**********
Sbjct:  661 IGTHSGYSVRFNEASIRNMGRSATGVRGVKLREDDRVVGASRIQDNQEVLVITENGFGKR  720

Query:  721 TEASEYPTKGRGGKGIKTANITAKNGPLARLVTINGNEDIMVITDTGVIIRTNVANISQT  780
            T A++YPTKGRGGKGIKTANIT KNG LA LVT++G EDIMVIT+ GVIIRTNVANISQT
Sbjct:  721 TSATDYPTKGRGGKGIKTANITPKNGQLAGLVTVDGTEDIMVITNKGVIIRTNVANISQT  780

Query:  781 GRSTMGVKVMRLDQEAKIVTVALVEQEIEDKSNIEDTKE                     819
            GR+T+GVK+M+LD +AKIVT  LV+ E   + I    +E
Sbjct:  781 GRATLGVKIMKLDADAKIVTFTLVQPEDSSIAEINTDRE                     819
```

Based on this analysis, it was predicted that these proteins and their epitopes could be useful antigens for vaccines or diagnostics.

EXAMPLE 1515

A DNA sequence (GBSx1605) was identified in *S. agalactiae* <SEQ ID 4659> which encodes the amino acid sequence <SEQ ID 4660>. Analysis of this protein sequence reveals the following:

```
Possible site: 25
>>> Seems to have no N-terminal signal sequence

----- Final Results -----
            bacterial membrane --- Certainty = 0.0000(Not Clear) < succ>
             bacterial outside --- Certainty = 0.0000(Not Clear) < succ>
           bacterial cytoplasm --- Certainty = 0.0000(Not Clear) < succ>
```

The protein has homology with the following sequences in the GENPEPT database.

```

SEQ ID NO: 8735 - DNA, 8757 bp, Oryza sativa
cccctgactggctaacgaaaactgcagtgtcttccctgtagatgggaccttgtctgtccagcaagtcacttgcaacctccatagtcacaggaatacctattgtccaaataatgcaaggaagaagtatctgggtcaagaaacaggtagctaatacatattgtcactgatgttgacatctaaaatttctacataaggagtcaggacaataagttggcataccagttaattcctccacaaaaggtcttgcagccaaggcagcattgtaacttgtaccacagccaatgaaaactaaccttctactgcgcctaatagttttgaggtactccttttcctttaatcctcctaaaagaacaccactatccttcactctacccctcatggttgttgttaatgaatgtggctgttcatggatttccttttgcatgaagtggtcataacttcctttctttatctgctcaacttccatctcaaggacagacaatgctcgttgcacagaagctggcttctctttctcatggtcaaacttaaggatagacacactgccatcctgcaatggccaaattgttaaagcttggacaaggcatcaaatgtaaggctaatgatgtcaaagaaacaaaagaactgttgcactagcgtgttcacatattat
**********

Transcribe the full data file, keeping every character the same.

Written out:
Sbjct:  661 IGTHSGYSVRFNEASIRNMGRSATGVRGVKLREDDRVVGASRIQDNQEVLVITENGFGKR  720

Query:  721 TEASEYPTKGRGGKGIKTANITAKNGPLARLVTINGNEDIMVITDTGVIIRTNVANISQT  780
            T A++YPTKGRGGKGIKTANIT KNG LA LVT++G EDIMVIT+ GVIIRTNVANISQT
Sbjct:  721 TSATDYPTKGRGGKGIKTANITPKNGQLAGLVTVDGTEDIMVITNKGVIIRTNVANISQT  780

Query:  781 GRSTMGVKVMRLDQEAKIVTVALVEQEIEDKSNIEDTKE                     819
            GR+T+GVK+M+LD +AKIVT  LV+ E   + I    +E
Sbjct:  781 GRATLGVKIMKLDADAKIVTFTLVQPEDSSIAEINTDRE                     819
```

Based on this analysis, it was predicted that these proteins and their epitopes could be useful antigens for vaccines or diagnostics.

EXAMPLE 1515

A DNA sequence (GBSx1605) was identified in *S. agalactiae* <SEQ ID 4659> which encodes the amino acid sequence <SEQ ID 4660>. Analysis of this protein sequence reveals the following:

```
Possible site: 25
>>> Seems to have no N-terminal signal sequence

----- Final Results -----
            bacterial membrane --- Certainty = 0.0000(Not Clear) < succ>
             bacterial outside --- Certainty = 0.0000(Not Clear) < succ>
           bacterial cytoplasm --- Certainty = 0.0000(Not Clear) < succ>
```

The protein has homology with the following sequences in the GENPEPT database.

```

SEQ ID NO: 8735 - DNA, 8757 bp, Oryza sativa
cccctgactggctaacgaaaactgcagtgtcttccctgtagatgggaccttgtctgtccagcaagtcacttgcaacctccatagtcacaggaatacctattgtccaaataatgcaaggaagaagtatctgggtcaagaaacaggtagctaatacatattgtcactgatgttgacatctaaaatttctacataaggagtcaggacaataagttggcataccagttaattcctccacaaaaggtcttgcagccaaggcagcattgtaacttgtaccacagccaatgaaaactaaccttctactgcgcctaatagttttgaggtactccttttcctttaatcctcctaaaagaacaccactatccttcactctacccctcatggttgttgttaatgaatgtggctgttcatggatttccttttgcatgaagtggtcataacttcctttctttatctgctcaacttccatctcaaggacagacaatgctcgttgcacagaagctggcttctctttctcatggtcaaacttaaggatagacacactgccatcctgcaatggccaaattgttaaagcttggacaaggcatcaaatgtaaggctaatgatgtcaaagaaacaaaagaactgttgcactagcgtgttcacatattat